2015 Proof Silver Eagle Photos and Debut Sales

by Mike Unser on January 6, 2015 · 1 comment

Collectors placed 262,377 orders for the individually packaged 2015-W Proof American Silver Eagle between its release on Friday, Jan. 2, and through to Sunday, Jan. 4.

2015-W Proof American Silver Eagle, Presentation Case and Certificate of Authenticity

2015-W Proof American Silver Eagle, Presentation Case and Certificate of Authenticity

Its beginning tally sits below last year’s release which opened with sales of 307,378, but that coin’s first reporting period included an extra day and it didn’t debut right after a holiday when many were still taking a break. Also, an attractive discount helped in boosting early 2014 sales. More about that later…

First, in a couple of other recent comparisons:

  • The 2013 coin kicked off with sales at 258,860, which also included another day in the reporting period.
  • The 2012 coin notched sales of 299,539 in five days.
  • The 2011 coin opened at 367,623 through the first six days.
  • The 2010 coin started at 273,212 through the first three days.
  • Proof Silver Eagle sales were canceled in 2009.
  • The 2008 coin logged sales of 185,232 in four days.

Priced at $48.95, this year’s proof Silver Eagle did open at $4 less than the 2014-dated coin. But it wasn’t cheaper for everyone. Members of the Mint’s subscription program last year received a 10% discount from the Eagle’s regular $52.95 price, pulling it down to $47.65.

Photo of a 2015-W Proof American Silver Eagle (Obverse Side)

Photo of a 2015-W Proof American Silver Eagle (Obverse)

This year’s lack of a subscriber discount likely had some impact on early sales. Several CoinNews.net readers have commented that they ended their subscription enrollments since it now offers them little benefit aside from guaranteeing a product’s delivery. Because of shipping costs, the Mint’s enrollment program is actually more expensive for collectors who have signed up for several products. Non-enrollees may have to wait longer but they can save money on shipping by grouping together different products and buying them at the same time.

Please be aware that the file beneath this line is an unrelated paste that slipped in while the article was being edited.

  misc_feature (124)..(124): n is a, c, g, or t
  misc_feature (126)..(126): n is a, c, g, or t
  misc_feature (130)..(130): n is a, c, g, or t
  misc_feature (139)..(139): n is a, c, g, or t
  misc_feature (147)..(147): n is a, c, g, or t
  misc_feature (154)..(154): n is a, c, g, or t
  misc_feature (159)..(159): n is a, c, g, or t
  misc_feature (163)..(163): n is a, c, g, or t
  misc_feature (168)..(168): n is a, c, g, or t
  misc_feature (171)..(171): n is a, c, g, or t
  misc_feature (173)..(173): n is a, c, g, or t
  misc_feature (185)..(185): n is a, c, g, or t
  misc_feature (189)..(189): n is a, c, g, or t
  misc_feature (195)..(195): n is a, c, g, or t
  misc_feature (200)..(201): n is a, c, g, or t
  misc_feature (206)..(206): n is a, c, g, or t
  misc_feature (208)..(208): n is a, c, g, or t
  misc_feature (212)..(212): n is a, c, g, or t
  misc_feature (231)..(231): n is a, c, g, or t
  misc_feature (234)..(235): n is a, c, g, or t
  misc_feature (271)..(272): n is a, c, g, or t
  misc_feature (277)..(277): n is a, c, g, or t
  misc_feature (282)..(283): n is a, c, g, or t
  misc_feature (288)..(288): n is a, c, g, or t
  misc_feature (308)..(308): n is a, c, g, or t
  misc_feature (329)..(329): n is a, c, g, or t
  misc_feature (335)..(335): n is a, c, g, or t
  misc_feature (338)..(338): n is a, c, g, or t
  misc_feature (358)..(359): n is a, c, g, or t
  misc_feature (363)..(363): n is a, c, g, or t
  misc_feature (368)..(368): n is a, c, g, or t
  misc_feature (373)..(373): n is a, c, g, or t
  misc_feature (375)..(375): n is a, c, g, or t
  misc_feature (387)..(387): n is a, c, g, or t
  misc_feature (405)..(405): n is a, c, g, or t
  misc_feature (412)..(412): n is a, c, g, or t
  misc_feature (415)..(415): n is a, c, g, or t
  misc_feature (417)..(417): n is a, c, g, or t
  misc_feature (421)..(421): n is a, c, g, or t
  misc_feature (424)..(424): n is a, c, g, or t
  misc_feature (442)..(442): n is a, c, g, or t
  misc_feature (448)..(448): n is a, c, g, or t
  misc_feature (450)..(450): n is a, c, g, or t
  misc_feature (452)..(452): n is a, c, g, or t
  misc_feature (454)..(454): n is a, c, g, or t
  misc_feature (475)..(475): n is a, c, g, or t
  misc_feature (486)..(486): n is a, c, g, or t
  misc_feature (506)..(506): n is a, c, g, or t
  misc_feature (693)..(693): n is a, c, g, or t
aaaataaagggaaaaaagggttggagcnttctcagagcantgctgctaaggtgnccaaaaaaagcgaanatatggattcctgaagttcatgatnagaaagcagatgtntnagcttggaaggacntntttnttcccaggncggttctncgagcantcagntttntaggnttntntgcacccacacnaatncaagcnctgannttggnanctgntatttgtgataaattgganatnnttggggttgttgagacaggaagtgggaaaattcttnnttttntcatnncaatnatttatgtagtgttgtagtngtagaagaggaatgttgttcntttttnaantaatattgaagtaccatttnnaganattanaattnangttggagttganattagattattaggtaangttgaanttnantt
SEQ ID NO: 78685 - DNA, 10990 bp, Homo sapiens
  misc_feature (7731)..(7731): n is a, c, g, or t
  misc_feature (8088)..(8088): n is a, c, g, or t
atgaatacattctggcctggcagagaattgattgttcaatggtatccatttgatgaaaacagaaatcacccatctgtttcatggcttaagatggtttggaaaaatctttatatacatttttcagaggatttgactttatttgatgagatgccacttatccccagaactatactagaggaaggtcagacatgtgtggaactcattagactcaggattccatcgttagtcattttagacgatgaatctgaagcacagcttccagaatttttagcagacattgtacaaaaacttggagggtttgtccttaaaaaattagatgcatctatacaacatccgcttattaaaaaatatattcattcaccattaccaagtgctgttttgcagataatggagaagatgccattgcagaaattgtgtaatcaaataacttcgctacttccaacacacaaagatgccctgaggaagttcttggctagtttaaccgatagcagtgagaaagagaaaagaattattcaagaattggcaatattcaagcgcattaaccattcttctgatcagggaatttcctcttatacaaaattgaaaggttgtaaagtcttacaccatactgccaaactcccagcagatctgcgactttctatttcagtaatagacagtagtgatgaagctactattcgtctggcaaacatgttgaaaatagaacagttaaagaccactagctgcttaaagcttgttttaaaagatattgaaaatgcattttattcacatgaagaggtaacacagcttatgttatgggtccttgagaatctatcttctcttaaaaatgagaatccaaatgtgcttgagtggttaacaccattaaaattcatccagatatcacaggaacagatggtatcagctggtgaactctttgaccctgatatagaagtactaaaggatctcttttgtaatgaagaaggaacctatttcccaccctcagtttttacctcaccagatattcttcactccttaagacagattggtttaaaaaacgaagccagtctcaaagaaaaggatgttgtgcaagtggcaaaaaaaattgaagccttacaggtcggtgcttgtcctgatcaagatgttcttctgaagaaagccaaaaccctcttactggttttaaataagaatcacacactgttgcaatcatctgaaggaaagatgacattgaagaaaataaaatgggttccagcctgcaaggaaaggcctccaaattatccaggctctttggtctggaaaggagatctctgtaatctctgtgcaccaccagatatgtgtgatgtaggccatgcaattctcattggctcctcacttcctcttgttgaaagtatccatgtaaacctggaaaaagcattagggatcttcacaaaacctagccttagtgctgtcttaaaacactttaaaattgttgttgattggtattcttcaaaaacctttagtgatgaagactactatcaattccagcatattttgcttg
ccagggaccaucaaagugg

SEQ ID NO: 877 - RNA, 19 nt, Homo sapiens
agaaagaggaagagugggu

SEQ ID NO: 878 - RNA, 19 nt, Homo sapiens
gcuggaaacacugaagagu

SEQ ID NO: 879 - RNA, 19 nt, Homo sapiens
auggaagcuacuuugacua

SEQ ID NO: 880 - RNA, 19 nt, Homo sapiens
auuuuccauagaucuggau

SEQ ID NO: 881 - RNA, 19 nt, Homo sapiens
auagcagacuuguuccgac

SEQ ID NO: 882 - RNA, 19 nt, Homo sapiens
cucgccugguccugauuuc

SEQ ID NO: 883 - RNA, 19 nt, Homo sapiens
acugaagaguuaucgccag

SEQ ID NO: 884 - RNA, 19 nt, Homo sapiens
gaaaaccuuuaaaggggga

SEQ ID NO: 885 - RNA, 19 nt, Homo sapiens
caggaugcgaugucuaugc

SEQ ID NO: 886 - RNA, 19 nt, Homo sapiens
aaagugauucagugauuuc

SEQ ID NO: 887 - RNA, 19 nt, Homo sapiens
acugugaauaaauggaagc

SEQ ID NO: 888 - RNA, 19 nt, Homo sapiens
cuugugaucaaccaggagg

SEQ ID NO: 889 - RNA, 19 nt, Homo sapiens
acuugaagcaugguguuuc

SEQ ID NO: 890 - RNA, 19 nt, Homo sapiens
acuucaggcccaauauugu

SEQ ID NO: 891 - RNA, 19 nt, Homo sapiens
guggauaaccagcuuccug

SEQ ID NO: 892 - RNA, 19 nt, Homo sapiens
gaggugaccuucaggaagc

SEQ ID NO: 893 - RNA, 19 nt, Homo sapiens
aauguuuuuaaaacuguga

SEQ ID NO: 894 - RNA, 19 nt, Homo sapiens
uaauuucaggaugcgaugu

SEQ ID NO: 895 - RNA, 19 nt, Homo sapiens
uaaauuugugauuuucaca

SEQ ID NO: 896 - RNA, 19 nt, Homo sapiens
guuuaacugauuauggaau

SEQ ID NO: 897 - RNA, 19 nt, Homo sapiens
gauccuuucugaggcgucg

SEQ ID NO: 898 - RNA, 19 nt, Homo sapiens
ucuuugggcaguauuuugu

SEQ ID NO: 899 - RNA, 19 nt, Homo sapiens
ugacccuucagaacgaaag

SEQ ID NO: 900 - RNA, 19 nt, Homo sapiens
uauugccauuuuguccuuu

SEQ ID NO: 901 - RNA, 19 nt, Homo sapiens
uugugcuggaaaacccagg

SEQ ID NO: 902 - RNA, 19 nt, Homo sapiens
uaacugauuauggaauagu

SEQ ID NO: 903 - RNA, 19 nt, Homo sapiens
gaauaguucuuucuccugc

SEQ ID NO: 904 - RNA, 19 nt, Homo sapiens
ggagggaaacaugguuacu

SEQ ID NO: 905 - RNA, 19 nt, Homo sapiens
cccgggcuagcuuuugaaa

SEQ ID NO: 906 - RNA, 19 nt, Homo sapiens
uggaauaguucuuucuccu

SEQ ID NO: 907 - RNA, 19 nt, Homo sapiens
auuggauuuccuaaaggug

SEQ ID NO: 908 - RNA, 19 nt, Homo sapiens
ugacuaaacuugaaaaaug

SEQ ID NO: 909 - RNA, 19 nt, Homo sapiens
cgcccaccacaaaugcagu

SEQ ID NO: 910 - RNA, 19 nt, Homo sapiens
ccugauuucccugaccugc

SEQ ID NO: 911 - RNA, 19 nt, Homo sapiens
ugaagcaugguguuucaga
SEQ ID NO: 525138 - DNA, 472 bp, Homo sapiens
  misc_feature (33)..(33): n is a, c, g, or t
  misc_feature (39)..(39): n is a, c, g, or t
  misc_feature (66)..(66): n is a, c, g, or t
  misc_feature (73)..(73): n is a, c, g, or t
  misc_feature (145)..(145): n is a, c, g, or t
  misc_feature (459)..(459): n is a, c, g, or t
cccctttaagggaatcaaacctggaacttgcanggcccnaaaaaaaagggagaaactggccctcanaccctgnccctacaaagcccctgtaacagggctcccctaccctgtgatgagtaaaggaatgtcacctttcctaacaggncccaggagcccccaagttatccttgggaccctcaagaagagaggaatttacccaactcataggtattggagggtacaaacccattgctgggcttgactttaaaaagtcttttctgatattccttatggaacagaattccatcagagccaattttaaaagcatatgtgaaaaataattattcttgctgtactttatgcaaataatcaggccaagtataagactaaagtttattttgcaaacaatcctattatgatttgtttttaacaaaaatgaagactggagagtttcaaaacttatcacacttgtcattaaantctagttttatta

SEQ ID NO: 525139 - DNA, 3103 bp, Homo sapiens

Photo of a 2015-W Proof American Silver Eagle (Reverse Side)

Photo of a 2015-W Proof American Silver Eagle (Reverse)

Listed in the two following tables are the last reported U.S. Mint sales of all regular (standard) annually issued proof American Silver Eagles.

1986 – 2014 Proof American Silver Eagle Sales

Year Sales
1986-S 1,446,778
1987-S 904,732
1988-S 557,370
1989-S 617,694
1990-S 695,510
1991-S 511,924
1992-S 498,543
1993-P 405,913
1994-P 372,168
1995-P 407,822
1995-W 30,125
1996-P 498,293
1997-P 435,350
1998-P 450,728
1999-P 549,330
Year Sales
2000-P 600,743
2001-W 746,398
2002-W 647,342
2003-W 747,831
2004-W 801,602
2005-W 816,663
2006-W 1,092,477
2007-W 821,759
2008-W 700,979
2009 None
2010-W 860,000
2011-W 950,000
2012-W 869,386
2013-W* 934,287
2014-W** 752,354

 

*The individually packaged 2013-W Proof Silver Eagle sold out with sales of 868,494 and the 2013 Limited Edition Silver Proof Set, which also includes an Eagle, sold out at 47,971. The 2013-dated coin is still available in the 2013 Congratulations Set which has current sales of 17,822.

**The 2014-W Proof American Silver Eagle and 2013 Congratulations Set are also still available and have sales of 745,394 and 6,960. The 2014 Limited Edition Silver Proof Set has not been released.

As in past years, there are no established mintage limits for the individually sold coin. Demand decides how many are made although many collectors have learned to buy earlier in the Silver Eagle’s sales cycle since the U.S. Mint tends to stop selling them without notice.

Photo of a 2015-W Proof American Silver Eagle (Obverse Side), a

Another photo of a 2015-W Proof American Silver Eagle taken in a different angle of light

The U.S. Mint’s online page for the American Eagle products is located here. United States Mint collectibles may also be ordered by calling 1-800-USA-MINT (872-6468).

{ 1 comment… read it below or add one }

Annie January 6, 2015 at 5:02 pm

If the London gold on Wednesday stays at New York close 1,219.30, then the U.S. Mint have to increase the price of the gold products.

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